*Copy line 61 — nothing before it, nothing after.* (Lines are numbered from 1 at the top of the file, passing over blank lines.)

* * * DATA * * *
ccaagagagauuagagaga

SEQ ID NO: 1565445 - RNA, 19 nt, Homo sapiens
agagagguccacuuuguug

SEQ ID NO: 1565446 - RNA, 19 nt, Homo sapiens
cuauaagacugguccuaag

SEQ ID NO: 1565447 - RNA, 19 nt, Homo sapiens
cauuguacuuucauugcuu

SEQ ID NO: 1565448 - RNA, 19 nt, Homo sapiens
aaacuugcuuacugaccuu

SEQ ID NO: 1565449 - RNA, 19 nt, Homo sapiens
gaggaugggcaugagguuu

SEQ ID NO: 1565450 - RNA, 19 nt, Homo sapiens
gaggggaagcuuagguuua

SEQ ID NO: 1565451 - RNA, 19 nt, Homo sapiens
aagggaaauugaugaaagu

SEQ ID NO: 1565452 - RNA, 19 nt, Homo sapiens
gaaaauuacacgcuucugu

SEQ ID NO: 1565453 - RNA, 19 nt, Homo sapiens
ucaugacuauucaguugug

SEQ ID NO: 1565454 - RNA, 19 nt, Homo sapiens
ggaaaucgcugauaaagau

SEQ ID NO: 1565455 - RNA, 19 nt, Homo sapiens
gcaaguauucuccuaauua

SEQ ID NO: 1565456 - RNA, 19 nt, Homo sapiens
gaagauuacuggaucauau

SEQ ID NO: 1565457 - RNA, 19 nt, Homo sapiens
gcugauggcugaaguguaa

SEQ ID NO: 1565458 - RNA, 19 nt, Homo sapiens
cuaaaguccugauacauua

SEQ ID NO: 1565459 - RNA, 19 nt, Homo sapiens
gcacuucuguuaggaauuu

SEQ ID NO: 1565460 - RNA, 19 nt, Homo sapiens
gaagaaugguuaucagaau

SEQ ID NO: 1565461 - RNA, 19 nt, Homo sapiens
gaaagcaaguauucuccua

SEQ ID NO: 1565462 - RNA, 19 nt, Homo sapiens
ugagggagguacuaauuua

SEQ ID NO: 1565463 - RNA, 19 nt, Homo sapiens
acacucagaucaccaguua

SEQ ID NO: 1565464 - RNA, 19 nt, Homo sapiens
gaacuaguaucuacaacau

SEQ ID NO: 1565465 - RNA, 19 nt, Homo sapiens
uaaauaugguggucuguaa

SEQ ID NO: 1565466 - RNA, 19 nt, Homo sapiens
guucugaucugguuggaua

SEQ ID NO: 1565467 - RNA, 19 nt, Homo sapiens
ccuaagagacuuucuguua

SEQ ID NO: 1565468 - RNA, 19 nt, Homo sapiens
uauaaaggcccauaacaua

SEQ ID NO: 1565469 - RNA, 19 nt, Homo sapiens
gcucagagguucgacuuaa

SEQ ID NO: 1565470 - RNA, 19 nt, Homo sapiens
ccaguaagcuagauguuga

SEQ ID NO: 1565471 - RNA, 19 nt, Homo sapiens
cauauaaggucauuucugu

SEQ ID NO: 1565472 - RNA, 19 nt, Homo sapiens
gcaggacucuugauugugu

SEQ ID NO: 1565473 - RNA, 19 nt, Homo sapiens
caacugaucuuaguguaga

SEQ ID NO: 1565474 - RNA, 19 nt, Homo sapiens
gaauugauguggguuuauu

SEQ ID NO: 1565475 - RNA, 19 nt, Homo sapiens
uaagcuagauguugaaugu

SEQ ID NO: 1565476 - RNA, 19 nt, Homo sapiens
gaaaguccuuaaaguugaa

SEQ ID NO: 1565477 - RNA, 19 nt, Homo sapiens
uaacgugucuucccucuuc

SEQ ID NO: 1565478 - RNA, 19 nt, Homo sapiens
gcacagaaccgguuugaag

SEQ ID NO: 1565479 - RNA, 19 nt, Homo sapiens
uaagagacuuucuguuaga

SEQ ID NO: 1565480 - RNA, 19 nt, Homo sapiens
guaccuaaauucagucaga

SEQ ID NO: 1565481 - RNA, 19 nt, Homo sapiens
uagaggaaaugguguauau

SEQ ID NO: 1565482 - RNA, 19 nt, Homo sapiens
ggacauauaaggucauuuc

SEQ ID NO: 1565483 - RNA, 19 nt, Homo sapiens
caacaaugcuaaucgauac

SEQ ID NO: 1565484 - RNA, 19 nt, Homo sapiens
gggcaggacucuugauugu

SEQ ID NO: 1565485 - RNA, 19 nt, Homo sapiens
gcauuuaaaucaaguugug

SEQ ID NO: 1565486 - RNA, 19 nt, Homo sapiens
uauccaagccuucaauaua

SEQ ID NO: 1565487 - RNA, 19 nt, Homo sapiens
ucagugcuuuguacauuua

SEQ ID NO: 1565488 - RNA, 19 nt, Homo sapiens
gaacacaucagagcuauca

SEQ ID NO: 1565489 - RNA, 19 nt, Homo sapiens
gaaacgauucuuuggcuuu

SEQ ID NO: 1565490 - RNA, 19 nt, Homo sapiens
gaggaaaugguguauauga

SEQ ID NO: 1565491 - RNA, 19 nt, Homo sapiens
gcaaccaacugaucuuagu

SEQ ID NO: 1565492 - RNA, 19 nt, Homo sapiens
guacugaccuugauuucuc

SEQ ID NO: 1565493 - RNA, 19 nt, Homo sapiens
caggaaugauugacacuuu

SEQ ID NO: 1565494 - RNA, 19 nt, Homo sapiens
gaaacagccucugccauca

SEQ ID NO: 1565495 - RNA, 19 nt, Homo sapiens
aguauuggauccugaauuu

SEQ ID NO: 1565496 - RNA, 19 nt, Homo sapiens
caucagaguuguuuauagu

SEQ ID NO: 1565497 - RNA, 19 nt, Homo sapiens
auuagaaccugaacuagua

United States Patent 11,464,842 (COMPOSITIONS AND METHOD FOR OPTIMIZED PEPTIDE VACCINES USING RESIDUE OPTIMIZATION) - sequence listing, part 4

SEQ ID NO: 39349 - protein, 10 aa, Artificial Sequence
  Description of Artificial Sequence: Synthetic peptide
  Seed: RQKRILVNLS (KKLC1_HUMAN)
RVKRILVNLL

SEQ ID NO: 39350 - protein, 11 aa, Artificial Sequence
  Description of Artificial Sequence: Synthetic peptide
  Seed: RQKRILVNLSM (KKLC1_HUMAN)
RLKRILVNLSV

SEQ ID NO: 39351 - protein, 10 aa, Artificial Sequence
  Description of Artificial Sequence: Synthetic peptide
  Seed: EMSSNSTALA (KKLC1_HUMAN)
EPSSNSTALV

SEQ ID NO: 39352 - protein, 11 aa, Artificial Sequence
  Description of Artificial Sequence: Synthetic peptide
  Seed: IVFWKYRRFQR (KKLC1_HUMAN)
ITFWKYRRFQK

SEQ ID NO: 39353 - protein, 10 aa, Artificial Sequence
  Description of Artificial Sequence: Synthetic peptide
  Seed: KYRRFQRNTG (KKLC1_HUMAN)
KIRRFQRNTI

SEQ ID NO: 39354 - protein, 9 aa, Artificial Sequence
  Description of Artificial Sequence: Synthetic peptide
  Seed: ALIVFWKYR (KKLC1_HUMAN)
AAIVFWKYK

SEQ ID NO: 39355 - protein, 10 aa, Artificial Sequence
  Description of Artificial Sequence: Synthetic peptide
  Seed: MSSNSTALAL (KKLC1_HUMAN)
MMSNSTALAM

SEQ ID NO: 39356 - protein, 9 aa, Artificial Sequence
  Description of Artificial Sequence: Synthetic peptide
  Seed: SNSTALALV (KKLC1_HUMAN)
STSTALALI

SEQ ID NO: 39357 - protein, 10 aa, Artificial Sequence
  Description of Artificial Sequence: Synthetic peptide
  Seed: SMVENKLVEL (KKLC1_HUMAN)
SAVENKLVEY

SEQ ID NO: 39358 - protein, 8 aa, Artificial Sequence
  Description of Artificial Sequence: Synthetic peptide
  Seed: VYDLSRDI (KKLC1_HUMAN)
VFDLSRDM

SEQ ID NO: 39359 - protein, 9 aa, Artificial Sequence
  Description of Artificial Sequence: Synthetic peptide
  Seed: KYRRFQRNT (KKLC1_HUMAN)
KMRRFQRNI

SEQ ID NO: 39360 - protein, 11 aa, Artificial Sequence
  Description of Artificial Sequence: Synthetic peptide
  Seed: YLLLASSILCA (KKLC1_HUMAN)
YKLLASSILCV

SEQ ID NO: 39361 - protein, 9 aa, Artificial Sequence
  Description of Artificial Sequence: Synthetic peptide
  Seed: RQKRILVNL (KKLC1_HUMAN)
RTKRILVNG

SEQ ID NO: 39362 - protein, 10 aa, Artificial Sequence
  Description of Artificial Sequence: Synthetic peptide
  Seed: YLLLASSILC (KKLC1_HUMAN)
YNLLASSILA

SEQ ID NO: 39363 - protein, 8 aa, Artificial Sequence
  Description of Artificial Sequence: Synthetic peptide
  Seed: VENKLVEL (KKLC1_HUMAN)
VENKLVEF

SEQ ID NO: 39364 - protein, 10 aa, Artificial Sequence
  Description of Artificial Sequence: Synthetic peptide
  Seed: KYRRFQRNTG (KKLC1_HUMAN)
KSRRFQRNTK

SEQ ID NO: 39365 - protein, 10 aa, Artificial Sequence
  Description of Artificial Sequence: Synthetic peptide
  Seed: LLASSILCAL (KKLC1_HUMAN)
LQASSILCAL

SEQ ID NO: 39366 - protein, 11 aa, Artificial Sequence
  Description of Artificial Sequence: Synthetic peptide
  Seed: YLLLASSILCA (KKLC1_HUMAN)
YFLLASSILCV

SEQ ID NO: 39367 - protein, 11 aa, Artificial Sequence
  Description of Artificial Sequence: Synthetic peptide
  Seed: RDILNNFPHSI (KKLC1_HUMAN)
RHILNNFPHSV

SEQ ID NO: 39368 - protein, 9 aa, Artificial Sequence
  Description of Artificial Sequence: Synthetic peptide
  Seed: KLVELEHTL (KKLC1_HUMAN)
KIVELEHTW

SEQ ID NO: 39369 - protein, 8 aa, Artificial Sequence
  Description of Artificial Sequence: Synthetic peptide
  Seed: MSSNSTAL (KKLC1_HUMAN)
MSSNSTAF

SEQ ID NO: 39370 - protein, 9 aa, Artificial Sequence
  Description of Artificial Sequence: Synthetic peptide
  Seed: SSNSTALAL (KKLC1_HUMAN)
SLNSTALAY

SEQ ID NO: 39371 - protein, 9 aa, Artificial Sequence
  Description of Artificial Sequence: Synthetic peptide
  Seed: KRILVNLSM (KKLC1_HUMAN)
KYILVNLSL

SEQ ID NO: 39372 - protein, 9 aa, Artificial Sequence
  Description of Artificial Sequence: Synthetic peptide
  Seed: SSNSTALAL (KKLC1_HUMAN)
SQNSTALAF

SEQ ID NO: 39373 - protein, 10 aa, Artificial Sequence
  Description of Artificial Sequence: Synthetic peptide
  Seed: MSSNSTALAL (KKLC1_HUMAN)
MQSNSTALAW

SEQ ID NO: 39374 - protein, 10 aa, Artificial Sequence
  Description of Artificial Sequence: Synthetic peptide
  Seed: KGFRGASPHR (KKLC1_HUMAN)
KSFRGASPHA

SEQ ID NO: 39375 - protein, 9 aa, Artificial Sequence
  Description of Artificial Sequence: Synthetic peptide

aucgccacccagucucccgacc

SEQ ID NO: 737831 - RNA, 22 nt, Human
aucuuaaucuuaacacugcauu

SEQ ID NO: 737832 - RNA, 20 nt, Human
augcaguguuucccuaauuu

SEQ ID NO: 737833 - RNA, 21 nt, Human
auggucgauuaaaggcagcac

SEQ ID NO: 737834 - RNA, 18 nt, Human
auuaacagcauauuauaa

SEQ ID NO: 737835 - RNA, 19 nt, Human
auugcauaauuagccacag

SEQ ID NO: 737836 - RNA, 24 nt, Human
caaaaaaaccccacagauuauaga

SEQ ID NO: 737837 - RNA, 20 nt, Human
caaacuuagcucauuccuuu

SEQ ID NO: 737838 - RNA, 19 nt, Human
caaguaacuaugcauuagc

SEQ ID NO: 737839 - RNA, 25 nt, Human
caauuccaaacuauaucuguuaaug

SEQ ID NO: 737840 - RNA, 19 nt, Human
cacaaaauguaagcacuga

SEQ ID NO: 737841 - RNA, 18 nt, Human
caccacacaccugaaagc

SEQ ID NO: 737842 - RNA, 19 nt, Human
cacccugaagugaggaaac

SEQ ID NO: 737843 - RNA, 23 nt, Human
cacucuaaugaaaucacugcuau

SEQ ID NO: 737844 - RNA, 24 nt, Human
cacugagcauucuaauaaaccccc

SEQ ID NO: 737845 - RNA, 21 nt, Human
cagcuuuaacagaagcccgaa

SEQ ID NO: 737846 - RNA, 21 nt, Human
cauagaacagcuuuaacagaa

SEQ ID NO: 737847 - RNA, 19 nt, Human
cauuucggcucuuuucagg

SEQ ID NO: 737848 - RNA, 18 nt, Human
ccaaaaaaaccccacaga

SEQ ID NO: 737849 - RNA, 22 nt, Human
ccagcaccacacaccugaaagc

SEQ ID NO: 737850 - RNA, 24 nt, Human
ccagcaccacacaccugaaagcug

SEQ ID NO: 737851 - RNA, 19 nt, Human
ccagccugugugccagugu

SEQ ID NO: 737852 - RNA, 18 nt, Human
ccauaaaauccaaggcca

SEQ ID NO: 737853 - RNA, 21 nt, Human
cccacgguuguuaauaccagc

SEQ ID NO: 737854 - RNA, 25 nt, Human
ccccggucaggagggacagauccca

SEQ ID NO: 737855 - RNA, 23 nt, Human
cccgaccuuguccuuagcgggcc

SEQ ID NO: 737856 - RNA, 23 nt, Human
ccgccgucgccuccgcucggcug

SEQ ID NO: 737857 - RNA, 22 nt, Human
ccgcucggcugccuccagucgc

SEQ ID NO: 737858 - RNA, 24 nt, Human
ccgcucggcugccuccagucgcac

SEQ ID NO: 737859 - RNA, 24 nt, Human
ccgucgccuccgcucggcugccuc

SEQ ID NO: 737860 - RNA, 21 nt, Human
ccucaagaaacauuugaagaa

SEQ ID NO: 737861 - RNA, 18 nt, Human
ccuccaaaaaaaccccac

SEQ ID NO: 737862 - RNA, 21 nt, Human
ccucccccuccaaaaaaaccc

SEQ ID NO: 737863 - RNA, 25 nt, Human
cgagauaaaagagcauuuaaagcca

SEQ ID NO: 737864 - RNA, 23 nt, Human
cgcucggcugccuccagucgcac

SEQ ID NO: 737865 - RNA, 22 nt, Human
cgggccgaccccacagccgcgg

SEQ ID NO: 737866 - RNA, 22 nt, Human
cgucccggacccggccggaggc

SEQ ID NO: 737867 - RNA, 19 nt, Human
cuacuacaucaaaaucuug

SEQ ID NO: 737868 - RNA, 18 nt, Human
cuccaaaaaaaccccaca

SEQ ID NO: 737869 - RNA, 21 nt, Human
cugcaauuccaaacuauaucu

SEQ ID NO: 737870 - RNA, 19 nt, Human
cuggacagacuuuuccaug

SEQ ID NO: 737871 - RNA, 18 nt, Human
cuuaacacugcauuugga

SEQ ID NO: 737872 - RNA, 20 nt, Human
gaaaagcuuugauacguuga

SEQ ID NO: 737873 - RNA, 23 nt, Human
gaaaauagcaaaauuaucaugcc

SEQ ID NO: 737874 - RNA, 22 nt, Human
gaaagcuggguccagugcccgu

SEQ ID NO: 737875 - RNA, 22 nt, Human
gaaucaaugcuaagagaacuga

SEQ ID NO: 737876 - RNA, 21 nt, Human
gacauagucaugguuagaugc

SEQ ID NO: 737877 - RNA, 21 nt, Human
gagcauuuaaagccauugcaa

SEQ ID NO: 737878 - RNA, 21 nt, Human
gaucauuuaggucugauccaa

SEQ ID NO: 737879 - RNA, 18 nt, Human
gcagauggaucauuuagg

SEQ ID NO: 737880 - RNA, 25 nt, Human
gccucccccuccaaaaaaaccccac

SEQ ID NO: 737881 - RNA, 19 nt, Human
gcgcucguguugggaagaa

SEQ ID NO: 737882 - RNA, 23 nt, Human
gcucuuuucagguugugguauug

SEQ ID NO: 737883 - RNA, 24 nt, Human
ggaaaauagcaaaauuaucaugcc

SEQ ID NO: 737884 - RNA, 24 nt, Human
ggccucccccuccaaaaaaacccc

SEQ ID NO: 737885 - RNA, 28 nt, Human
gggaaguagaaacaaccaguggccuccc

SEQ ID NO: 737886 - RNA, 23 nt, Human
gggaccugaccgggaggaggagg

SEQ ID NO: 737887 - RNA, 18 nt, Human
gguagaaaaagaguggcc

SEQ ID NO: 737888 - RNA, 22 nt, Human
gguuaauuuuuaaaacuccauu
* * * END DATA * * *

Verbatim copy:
gaauugauguggguuuauu